Etymology
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spike (n.1)

"large nail," mid-14c., perhaps from or related to a Scandinavian word, such as Old Norse spik "splinter," Middle Swedish spijk "nail," from Proto-Germanic *spikaz (source also of Middle Dutch spicher, Dutch spijker "nail," Old English spicing "large nail," Old English spaca, Old High German speihha "spoke"), from PIE root *spei- "sharp point" (source also of Latin spica "ear of corn," spina "thorn, prickle, backbone," and perhaps pinna "pin" (see pin (n.)); Greek spilas "rock, cliff;" Lettish spile "wooden fork;" Lithuanian speigliai "thorns," spitna "tongue of a buckle," Old English spitu "spit").

The English word also might be influenced by and partly a borrowing of Latin spica (see spike (n.2)), from the same root. Slang meaning "needle" is from 1923. Meaning "pointed stud in athletic shoes" is from 1832. Electrical sense of "pulse of short duration" is from 1935.

spike (n.2)

"ear of grain," c. 1300, from Latin spica "ear of grain," from PIE *spei-ko-, from suffixed form of root *spei- "sharp point" (see spine).

spike (v.)

1620s, "to fasten with spikes," from spike (n.1). Meaning "to rise in a spike" is from 1958. Military sense (1680s) means "to disable guns by driving a large nail into the touch-hole." Figurative use of this sense is from 1823. Meaning "to lace (a drink) with liquor" is from 1889. Journalism sense of "to kill a story before publication" (1908) is from the metal spindle in which old-time editors filed hard copy of stories after they were set in type, or especially when rejected for publication. Related: Spiked; spiking.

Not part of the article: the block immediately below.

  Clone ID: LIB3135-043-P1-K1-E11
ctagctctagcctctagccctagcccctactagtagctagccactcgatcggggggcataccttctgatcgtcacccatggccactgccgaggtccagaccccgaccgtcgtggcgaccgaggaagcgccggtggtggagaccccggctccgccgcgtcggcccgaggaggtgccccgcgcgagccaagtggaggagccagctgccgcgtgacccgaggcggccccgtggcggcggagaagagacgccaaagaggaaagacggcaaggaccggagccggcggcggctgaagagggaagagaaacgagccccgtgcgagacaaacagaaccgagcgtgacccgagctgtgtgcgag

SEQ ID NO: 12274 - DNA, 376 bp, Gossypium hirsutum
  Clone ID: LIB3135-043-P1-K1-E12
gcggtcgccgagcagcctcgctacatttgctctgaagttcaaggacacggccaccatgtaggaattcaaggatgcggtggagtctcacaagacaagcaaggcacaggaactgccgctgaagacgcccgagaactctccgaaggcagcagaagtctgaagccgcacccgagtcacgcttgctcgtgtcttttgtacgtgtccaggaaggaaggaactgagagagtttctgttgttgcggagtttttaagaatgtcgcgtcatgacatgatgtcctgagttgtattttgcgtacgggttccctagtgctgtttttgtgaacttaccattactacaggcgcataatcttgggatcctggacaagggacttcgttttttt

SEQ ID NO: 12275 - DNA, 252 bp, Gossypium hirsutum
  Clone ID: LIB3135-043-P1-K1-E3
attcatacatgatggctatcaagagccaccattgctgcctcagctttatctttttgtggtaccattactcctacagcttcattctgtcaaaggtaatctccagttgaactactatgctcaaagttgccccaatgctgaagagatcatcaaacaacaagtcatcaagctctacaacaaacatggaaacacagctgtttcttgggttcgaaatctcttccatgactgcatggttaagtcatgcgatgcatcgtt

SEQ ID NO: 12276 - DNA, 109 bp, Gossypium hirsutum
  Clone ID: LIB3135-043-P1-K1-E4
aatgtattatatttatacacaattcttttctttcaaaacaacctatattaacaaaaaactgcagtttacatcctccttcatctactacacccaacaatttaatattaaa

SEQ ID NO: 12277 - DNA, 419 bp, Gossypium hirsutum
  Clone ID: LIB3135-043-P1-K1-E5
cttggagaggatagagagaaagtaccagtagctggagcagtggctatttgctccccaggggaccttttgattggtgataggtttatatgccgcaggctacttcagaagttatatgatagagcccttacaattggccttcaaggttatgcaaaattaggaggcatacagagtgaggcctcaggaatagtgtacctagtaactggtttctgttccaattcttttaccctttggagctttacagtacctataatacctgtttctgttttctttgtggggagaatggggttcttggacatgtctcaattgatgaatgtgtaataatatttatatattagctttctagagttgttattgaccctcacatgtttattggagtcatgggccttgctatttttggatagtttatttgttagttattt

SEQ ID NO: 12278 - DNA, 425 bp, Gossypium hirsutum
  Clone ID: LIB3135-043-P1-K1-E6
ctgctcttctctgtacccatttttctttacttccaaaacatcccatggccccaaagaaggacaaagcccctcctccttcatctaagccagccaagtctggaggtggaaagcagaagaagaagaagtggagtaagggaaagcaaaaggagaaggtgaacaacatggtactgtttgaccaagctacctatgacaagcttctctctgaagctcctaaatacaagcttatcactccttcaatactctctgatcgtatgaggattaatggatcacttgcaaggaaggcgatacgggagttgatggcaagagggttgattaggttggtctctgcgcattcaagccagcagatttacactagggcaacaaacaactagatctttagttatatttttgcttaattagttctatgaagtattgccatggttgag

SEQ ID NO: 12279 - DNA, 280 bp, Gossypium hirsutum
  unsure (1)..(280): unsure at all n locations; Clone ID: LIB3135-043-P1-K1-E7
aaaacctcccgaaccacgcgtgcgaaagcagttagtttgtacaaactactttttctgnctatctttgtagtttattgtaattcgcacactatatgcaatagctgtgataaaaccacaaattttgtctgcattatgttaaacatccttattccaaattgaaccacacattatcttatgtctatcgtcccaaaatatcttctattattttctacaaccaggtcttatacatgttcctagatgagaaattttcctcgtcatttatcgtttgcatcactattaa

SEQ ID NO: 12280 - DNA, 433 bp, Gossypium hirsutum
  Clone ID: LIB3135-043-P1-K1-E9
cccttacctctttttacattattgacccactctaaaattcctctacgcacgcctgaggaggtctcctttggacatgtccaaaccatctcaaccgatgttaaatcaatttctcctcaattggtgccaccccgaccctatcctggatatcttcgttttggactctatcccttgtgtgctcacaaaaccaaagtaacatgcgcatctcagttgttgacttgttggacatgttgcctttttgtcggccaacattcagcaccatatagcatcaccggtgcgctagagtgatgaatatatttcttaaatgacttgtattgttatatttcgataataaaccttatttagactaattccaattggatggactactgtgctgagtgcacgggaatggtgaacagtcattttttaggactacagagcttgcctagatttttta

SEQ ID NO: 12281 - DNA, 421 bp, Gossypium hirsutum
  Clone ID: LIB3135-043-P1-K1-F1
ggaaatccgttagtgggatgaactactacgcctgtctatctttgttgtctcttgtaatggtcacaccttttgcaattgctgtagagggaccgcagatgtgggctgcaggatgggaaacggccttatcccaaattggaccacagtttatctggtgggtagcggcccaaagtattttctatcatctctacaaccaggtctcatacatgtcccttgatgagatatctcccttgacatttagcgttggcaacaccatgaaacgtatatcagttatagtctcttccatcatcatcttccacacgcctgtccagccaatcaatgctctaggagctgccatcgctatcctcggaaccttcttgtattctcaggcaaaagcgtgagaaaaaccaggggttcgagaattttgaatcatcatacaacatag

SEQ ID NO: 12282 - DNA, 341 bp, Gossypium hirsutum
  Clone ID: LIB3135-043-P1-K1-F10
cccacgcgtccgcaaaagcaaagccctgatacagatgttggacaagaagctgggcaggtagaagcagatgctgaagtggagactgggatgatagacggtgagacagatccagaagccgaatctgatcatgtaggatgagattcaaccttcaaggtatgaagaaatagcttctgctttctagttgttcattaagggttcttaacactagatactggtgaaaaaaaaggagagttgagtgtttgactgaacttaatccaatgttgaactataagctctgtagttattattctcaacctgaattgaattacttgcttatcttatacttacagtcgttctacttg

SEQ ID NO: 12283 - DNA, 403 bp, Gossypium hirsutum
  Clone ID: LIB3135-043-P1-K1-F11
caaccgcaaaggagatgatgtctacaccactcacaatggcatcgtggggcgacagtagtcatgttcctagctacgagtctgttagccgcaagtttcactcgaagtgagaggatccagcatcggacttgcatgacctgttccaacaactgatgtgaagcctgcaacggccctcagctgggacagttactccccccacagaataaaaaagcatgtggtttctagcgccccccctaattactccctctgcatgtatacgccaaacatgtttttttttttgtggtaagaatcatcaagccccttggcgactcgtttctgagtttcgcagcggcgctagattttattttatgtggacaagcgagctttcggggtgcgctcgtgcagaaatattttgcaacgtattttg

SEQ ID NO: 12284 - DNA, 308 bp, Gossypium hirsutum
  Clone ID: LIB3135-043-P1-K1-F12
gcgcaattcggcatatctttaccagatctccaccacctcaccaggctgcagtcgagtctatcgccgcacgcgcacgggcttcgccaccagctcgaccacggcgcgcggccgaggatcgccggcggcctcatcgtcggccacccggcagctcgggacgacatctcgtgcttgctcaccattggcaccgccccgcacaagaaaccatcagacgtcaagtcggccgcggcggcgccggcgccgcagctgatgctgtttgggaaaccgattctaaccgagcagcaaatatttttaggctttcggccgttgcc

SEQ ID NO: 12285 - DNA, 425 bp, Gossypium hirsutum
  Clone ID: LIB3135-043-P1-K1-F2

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Definitions of spike
1
spike (n.)
a transient variation in voltage or current;
spike (n.)
sports equipment consisting of a sharp point on the sole of a shoe worn by athletes;
spikes provide greater traction
spike (n.)
fruiting spike of a cereal plant especially corn;
Synonyms: ear / capitulum
spike (n.)
(botany) an indeterminate inflorescence bearing sessile flowers on an unbranched axis;
spike (n.)
a sharp rise followed by a sharp decline;
the seismograph showed a sharp spike in response to the temblor
spike (n.)
a very high narrow heel on women's shoes;
Synonyms: spike heel / stiletto heel
spike (n.)
each of the sharp points on the soles of athletic shoes to prevent slipping (or the shoes themselves);
the second baseman sharpened his spikes before every game
golfers' spikes damage the putting greens
spike (n.)
a sharp-pointed projection along the top of a fence or wall (or a dinosaur);
spike (n.)
a long, thin sharp-pointed implement (wood or metal);
one of the spikes impaled him
spike (n.)
any holding device consisting of a rigid, sharp-pointed object;
the spike pierced the receipts and held them in order
Synonyms: spindle
spike (n.)
a large stout nail;
they used spikes to fasten the rails to a railroad tie
2
spike (v.)
stand in the way of;
spike (v.)
pierce with a sharp stake or point;
Synonyms: transfix / impale / empale
spike (v.)
secure with spikes;
spike (v.)
bring forth a spike or spikes;
Synonyms: spike out
spike (v.)
add alcohol to (beverages);
the punch is spiked!
Synonyms: lace / fortify
spike (v.)
manifest a sharp increase;
the voltage spiked
From wordnet.princeton.edu